This they said would empower adolescents to make informed decisions regarding their sexual and reproductive health lives and curb the increase in teenage pregnancies and child-marriage cases in the country.
It would also enable the adolescents especially girls to acquire the needed education to contribute to gender equality and the attainment of the Sustainable Development Goals (SDGs).
The girls, from six districts in the Upper East Region, were speaking at a media briefing in Bolgatanga, to lay bare their challenges and appeal for help.
The event was facilitated by the Rural Initiatives for self-Empowerment Ghana (RISE-Ghana), an advocacy Non-Governmental Organization with funding support from the United Nations Children’s Emergency Fund (UNICEF), as part of the implementation of adolescent and reproductive health rights and nutrition.
The project seeks to advocate the creation of enabling and protective environment for adolescents and gatekeepers to champion sexual and reproductive health rights in the region.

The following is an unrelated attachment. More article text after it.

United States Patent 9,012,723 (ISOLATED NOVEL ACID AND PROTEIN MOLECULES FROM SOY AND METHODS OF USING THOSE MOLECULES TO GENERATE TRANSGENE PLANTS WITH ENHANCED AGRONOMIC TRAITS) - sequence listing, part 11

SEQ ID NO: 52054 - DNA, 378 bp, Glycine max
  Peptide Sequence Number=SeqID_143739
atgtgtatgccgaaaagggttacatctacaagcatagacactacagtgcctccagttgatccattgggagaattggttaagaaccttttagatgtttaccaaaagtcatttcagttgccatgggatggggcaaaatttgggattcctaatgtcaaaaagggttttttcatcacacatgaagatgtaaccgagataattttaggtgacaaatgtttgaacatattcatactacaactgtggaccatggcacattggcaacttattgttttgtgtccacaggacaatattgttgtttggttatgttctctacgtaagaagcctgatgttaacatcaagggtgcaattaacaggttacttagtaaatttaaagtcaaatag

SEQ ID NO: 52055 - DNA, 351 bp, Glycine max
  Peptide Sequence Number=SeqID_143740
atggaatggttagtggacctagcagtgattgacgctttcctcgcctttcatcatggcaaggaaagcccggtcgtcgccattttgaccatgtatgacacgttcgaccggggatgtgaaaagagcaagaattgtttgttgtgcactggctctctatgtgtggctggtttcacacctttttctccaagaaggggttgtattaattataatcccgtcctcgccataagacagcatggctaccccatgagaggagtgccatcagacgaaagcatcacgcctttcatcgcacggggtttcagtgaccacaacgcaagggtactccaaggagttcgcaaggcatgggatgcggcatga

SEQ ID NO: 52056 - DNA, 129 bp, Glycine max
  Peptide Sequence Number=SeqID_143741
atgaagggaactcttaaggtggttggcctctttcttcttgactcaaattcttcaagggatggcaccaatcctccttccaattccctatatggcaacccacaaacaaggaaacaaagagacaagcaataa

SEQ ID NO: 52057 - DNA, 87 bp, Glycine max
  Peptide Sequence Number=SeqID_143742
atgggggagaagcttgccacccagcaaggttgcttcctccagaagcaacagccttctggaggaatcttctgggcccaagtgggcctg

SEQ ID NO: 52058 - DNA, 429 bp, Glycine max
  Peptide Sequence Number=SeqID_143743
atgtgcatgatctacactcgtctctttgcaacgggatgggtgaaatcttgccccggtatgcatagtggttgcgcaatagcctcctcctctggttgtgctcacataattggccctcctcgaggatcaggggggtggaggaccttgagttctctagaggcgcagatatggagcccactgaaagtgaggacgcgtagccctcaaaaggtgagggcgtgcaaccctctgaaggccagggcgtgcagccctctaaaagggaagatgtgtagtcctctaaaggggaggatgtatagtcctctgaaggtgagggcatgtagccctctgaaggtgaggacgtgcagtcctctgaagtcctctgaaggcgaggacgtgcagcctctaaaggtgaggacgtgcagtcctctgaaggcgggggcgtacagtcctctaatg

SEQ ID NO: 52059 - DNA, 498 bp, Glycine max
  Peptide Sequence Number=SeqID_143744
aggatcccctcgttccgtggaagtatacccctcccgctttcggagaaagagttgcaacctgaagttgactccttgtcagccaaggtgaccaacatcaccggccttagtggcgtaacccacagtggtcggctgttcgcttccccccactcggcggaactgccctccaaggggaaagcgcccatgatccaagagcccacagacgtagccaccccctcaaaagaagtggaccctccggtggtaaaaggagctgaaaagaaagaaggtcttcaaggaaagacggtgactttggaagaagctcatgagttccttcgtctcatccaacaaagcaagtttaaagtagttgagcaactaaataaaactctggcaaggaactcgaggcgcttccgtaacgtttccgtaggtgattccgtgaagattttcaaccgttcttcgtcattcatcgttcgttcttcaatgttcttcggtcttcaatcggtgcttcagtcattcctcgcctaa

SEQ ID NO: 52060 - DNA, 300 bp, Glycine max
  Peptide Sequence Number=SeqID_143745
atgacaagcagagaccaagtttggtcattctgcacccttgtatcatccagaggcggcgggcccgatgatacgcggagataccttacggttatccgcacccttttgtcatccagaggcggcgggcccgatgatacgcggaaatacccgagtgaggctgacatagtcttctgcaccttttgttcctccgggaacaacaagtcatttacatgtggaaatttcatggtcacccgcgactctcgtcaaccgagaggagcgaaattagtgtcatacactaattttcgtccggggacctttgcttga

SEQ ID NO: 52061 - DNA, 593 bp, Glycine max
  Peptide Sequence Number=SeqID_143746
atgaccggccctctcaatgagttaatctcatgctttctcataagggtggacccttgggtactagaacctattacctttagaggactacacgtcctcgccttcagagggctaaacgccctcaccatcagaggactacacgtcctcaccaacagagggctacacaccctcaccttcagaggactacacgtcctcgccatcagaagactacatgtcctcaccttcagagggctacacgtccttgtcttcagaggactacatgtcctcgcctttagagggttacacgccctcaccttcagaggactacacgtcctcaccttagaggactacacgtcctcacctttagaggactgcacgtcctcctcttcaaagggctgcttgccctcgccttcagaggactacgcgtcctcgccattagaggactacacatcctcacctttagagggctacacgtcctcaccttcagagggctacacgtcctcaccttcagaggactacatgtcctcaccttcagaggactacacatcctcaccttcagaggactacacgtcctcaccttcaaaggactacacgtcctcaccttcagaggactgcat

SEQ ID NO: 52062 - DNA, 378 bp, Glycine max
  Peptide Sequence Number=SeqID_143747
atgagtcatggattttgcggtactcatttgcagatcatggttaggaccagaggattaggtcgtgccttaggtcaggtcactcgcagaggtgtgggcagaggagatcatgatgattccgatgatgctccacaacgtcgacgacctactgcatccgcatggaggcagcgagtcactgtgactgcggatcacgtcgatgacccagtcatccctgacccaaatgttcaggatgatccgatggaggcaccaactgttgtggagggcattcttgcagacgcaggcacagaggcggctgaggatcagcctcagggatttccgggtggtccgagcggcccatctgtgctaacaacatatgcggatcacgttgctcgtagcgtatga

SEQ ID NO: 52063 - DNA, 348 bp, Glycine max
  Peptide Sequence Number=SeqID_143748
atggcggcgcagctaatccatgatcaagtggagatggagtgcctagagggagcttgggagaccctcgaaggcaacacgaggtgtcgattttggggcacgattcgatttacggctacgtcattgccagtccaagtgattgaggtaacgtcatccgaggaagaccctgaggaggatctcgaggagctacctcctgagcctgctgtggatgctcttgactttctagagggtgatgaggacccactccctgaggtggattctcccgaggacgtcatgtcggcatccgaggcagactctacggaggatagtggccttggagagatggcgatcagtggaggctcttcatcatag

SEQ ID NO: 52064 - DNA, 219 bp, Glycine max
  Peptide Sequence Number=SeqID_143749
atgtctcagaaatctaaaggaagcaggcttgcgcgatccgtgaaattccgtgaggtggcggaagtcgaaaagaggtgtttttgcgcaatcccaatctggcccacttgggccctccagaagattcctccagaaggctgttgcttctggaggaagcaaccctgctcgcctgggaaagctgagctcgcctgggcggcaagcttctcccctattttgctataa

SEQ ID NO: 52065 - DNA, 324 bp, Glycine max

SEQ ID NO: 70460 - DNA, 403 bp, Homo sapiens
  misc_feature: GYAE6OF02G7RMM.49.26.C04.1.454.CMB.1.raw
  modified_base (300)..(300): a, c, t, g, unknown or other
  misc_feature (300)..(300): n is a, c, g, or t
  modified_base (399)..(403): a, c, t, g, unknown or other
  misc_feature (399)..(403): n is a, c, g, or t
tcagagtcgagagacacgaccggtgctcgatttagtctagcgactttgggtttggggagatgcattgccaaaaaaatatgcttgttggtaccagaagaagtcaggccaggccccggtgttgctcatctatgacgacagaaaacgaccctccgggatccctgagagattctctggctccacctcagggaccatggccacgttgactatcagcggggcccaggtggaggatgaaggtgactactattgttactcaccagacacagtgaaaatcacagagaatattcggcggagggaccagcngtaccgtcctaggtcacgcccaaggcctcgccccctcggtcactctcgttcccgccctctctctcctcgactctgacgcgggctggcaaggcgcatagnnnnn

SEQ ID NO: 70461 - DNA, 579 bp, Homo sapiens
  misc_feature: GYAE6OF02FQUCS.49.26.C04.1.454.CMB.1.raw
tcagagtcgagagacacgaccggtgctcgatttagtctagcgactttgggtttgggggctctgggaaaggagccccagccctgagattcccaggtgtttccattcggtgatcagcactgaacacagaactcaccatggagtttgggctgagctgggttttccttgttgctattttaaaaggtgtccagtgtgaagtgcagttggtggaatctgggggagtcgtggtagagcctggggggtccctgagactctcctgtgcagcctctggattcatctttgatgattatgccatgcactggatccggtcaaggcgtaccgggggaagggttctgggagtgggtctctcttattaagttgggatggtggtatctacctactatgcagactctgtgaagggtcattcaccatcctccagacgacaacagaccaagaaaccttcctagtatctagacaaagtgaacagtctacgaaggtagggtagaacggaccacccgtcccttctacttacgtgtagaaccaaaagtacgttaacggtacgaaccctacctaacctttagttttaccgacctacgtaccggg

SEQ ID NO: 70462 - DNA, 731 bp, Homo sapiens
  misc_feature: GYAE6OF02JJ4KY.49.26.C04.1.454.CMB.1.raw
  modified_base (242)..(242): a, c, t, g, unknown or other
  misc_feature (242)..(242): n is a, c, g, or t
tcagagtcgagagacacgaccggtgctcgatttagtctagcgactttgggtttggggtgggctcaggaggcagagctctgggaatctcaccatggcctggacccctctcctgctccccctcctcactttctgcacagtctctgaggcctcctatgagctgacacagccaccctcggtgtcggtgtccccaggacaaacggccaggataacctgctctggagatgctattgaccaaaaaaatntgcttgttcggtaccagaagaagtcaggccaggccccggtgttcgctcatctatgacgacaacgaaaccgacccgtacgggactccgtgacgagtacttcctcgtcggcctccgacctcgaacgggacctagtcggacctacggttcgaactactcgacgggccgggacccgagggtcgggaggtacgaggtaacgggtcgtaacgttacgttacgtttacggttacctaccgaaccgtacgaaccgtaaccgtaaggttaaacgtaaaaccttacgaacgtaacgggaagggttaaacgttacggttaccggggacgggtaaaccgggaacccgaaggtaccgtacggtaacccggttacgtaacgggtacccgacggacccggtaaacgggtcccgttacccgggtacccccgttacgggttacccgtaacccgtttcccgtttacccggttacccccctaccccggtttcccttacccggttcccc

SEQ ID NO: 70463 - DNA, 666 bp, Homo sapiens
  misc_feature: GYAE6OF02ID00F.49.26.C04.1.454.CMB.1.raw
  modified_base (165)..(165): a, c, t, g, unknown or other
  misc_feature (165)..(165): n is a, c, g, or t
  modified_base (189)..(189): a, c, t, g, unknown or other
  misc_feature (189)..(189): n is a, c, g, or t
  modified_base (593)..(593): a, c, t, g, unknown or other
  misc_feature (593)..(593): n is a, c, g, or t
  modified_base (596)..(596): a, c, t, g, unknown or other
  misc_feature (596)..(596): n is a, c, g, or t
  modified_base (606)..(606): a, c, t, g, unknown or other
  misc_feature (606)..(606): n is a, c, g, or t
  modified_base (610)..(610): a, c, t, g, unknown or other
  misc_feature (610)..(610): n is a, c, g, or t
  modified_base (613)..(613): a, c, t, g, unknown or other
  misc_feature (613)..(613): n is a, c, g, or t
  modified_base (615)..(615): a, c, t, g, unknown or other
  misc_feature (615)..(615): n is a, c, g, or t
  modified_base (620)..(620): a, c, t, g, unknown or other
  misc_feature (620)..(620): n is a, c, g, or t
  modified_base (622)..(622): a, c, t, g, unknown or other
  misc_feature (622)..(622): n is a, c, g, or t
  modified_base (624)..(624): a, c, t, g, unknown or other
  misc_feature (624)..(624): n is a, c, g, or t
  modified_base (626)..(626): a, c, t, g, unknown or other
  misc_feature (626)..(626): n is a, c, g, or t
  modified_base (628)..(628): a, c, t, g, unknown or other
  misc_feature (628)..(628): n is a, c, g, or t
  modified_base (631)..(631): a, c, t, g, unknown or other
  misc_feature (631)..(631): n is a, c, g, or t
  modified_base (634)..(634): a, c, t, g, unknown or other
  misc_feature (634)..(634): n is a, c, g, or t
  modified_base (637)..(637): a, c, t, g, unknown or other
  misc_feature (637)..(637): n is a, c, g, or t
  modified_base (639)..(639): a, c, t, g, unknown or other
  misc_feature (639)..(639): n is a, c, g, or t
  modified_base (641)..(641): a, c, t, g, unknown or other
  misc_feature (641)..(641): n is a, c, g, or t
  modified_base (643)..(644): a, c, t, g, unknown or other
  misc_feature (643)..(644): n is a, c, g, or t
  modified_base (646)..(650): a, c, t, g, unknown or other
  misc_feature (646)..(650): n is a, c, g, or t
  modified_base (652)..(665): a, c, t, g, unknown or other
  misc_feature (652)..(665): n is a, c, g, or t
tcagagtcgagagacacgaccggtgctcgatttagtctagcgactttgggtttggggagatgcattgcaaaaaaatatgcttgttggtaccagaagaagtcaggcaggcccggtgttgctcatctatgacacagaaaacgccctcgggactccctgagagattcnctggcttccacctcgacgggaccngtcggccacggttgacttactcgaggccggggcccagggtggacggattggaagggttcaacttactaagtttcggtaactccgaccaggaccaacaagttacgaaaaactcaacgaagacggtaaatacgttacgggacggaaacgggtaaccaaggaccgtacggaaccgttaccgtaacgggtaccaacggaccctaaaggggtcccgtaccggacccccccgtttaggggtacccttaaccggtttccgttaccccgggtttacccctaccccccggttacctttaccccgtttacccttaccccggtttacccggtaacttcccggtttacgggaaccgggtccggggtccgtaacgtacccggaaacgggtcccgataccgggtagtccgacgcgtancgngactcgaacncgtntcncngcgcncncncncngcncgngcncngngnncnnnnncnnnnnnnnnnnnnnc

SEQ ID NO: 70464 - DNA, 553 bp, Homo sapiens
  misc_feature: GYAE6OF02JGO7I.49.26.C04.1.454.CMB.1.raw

It is being implemented in the Bawku West, Kassena-Nankana West, Bongo, Builsa South, Talensi and Nabdam Districts.
Ms Esther Bugre, a 13-year-old pupil of the Presentation Junior High School in the Nabdam District who spoke on behalf of the adolescents noted that teenage pregnancy, defilement, poor nutrition, child neglect and exploitation continued to hinder the progress of adolescents and urged government to address them.
She said sexual and reproductive health rights were critical to their development and asked government and other policy makers them in making decisions and appealed for the establishment of changing rooms in schools for girls have privacy and hygienic conditions during menstruation.
She also pleaded for tax amnesty on sanitary pads for the less privileged to afford.
Miss Jaw-haratu Amadu, the Head of Programmes, RISE-Ghana, said the region was bedeviled with teenage pregnancy as statistics from the Ghana Health Service revealed that the region recorded 6,533 cases in 2020 and 1,639 cases in the first quarter of 2021.
She attributed it to lack of access to sexual and reproductive health education for them to make the right choices regarding their sexual lives as it was affecting the education of girls and women empowerment.
“Adolescent girls in Ghana are unable to harness their potentials and realize their dreams due to a myriad of factors ranging from teenage pregnancy, limited access to sexuality information and services, negative masculinity norms, sex taboos, gender norms among others,” she added.
Ms Amadu said the project would identify, mobilize and empower gatekeepers, service providers to create protective and conducive environment for improved access to quality, age-appropriate comprehensive sexuality education and reproductive health services. Read Full Story